Canada Post will pay to build mailbox sites

Canada Post will pay the city for each community mailbox it constructs on city property

Canada Post will pay the city for each community mailbox it constructs on city property.

Sara Brodie, the city’s development engineering and building supervisor, said Canada Post has signed off on an agreement that will pay the city $50 per site. She said just under 300 community mailboxes will be built on city property.

“The agreement was signed last week by both parties,” Brodie said. “The agreement outlines all the requirements the city was asking for.”

In a July letter to Canada Post’s board of directors, Mayor Andy Adams asks Canada Post to agree to three conditions.

“We request that, prior to construction of the community mailboxes, Canada Post enters into an agreement with the city addressing the following: payment for work on City Lands permit fee of $50 per site location, insurance naming the City of Campbell River as an additional insured and having $3 million in liability coverage, (and) other standard requirements in acquiring a Work on City Lands permit such as culvert drawings, retaining wall drawings, and a full environmental development area review,” Adams wrote. “Please note that without the above mentioned items, the city cannot grant any Work on City Lands permits and will not allow any construction on city property.”

The letter is dated July 6 and at the time it was written Adams notes that Canada Post had entered the construction phase of the project and had yet to receive any items from the corporation “to indicate its intent to apply for the City’s Work on City Lands permit.”

Brodie said Canada Post negotiated the $50 fee with the city just last week – the same time construction of the mailbox sites got underway.

Canada Post has sent out letters to residents in most neighbourhoods informing citizens of where their new community mailbox will be located come mid-September when Canada Post plans to phase out home delivery to all Campbell River homes.

Canada Post has said that under the Canada Post Act, it has the exclusive rights over postal services and can legally install community mailboxes on municipal property.

In Hamilton, that city’s council amended a bylaw to force Canada Post to pay $200 for a permit for each build site.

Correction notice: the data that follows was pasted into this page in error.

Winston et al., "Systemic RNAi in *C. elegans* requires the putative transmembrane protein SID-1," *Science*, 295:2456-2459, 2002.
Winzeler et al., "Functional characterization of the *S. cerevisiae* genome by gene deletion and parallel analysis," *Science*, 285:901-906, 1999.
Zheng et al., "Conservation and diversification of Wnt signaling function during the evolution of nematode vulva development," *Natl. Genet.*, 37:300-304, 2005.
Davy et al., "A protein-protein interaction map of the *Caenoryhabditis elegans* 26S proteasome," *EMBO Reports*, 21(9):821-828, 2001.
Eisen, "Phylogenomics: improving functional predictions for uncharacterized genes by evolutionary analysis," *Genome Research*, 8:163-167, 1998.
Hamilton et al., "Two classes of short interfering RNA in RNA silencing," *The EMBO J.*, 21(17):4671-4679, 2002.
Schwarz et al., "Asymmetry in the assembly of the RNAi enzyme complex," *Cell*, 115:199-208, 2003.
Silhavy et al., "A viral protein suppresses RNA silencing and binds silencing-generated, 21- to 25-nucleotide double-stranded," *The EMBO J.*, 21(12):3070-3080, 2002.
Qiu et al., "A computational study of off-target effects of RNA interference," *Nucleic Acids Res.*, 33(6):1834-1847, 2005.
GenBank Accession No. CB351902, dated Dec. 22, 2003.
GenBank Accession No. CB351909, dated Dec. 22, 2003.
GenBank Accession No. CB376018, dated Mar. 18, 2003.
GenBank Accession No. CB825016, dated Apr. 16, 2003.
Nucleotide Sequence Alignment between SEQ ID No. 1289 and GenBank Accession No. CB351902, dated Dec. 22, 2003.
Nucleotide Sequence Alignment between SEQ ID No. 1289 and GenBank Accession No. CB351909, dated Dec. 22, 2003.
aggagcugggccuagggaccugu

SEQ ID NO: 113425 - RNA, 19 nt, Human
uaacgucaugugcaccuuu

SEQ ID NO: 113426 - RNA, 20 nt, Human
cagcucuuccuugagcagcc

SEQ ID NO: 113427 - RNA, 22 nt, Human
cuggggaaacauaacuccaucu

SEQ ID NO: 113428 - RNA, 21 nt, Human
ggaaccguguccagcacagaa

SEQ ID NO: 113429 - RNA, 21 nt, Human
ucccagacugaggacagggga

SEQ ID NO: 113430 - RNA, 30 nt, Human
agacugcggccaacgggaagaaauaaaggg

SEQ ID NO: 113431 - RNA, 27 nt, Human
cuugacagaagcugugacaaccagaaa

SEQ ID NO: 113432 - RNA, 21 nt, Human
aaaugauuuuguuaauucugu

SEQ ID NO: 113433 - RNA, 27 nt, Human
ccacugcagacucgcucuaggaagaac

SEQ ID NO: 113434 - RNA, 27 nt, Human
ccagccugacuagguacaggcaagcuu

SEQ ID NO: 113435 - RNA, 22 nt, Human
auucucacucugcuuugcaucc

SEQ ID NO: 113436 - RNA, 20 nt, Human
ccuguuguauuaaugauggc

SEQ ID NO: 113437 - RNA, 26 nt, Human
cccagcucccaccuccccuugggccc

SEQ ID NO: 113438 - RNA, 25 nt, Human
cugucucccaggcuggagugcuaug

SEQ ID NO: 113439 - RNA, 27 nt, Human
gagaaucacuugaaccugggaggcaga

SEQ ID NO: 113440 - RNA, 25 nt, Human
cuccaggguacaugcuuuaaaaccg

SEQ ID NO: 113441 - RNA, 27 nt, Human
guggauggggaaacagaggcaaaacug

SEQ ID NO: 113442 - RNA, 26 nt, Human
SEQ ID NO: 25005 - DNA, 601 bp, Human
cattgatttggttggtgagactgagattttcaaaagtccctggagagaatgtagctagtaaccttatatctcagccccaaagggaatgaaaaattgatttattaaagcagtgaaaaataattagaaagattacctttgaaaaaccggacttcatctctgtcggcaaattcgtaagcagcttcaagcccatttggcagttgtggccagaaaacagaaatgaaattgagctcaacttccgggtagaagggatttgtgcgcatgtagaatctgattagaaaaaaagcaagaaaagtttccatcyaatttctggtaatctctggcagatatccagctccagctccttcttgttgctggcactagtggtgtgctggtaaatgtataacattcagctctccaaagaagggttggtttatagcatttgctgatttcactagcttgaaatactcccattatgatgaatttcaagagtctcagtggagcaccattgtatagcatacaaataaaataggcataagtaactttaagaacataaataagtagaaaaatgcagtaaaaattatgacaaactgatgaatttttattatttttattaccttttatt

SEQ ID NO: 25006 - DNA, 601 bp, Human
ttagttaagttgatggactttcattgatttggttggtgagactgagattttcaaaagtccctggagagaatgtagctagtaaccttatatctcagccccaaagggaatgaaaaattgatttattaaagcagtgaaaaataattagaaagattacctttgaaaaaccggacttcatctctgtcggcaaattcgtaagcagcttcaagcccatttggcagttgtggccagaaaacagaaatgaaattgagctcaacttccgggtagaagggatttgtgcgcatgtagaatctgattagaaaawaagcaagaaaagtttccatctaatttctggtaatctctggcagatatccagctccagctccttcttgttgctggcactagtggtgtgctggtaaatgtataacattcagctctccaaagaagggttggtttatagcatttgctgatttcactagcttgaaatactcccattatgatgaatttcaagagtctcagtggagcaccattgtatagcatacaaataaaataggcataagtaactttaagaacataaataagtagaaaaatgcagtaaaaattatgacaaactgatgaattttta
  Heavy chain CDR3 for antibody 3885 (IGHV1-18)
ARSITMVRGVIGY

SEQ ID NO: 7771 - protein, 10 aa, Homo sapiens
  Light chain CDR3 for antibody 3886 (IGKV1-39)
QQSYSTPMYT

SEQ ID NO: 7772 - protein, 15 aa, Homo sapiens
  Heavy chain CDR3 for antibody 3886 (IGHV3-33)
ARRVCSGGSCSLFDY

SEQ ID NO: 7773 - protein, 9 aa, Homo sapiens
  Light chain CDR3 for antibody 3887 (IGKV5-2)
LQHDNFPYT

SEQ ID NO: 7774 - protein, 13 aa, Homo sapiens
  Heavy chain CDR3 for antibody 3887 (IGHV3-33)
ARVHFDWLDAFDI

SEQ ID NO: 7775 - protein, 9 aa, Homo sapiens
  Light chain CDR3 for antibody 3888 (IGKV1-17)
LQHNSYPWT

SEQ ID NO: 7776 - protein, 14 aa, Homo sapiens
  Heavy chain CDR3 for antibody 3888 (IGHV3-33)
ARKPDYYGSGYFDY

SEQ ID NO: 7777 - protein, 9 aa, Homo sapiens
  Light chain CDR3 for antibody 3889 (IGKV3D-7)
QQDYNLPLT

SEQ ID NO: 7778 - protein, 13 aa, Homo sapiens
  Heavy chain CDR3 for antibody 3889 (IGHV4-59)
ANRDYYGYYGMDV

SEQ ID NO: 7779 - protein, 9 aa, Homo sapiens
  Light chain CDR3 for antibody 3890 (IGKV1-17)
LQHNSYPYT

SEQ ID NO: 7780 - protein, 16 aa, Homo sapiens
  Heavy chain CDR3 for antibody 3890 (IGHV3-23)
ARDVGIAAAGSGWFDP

Canada Post ignored the bylaw and took the case to court, asking for the bylaw to be overturned.

In June, an Ontario judge declared that the $200 permit to build on municipal land did not apply to Canada Post, which promised to work collaboratively with municipalities to find suitable sites to install its mailboxes.

Canada Post’s Susan Margles, in a letter to Campbell River council, acknowledged that the corporation has consulted with city staff on finding appropriate locations.

“Our staff have been collaborating with your officials since the announcement of the conversion in Campbell River,” Margles wrote. “Canada Post has many years of experience selecting suitable locations for the placement of CMBs in residential neighbourhoods. Please be assured that we make every effort to determine the most appropriate locations.”

Brodie said the city is still in the process of reviewing some of Canada Post’s intended mailbox locations based on feedback from residents and conflicts with city utilities.

“The city’s review was primarily based on city traffic concerns as well as underground utility conditions,” Brodie said. “The city also reviewed proposed locations that were in environmentally sensitive areas – primarily ditches, or near streams and the foreshore.”

Once all of the locations are confirmed, the community mailboxes will effectively put an end to door-to-door mail delivery for all of Campbell River. It’s part of the corporation’s plan, which it announced in December, 2013, to eliminate home delivery across the entire country. Roughly 100,000 homes made the transition last year and 900,000 households – including those in Campbell River who still receive home delivery – will be converted before the end of this year.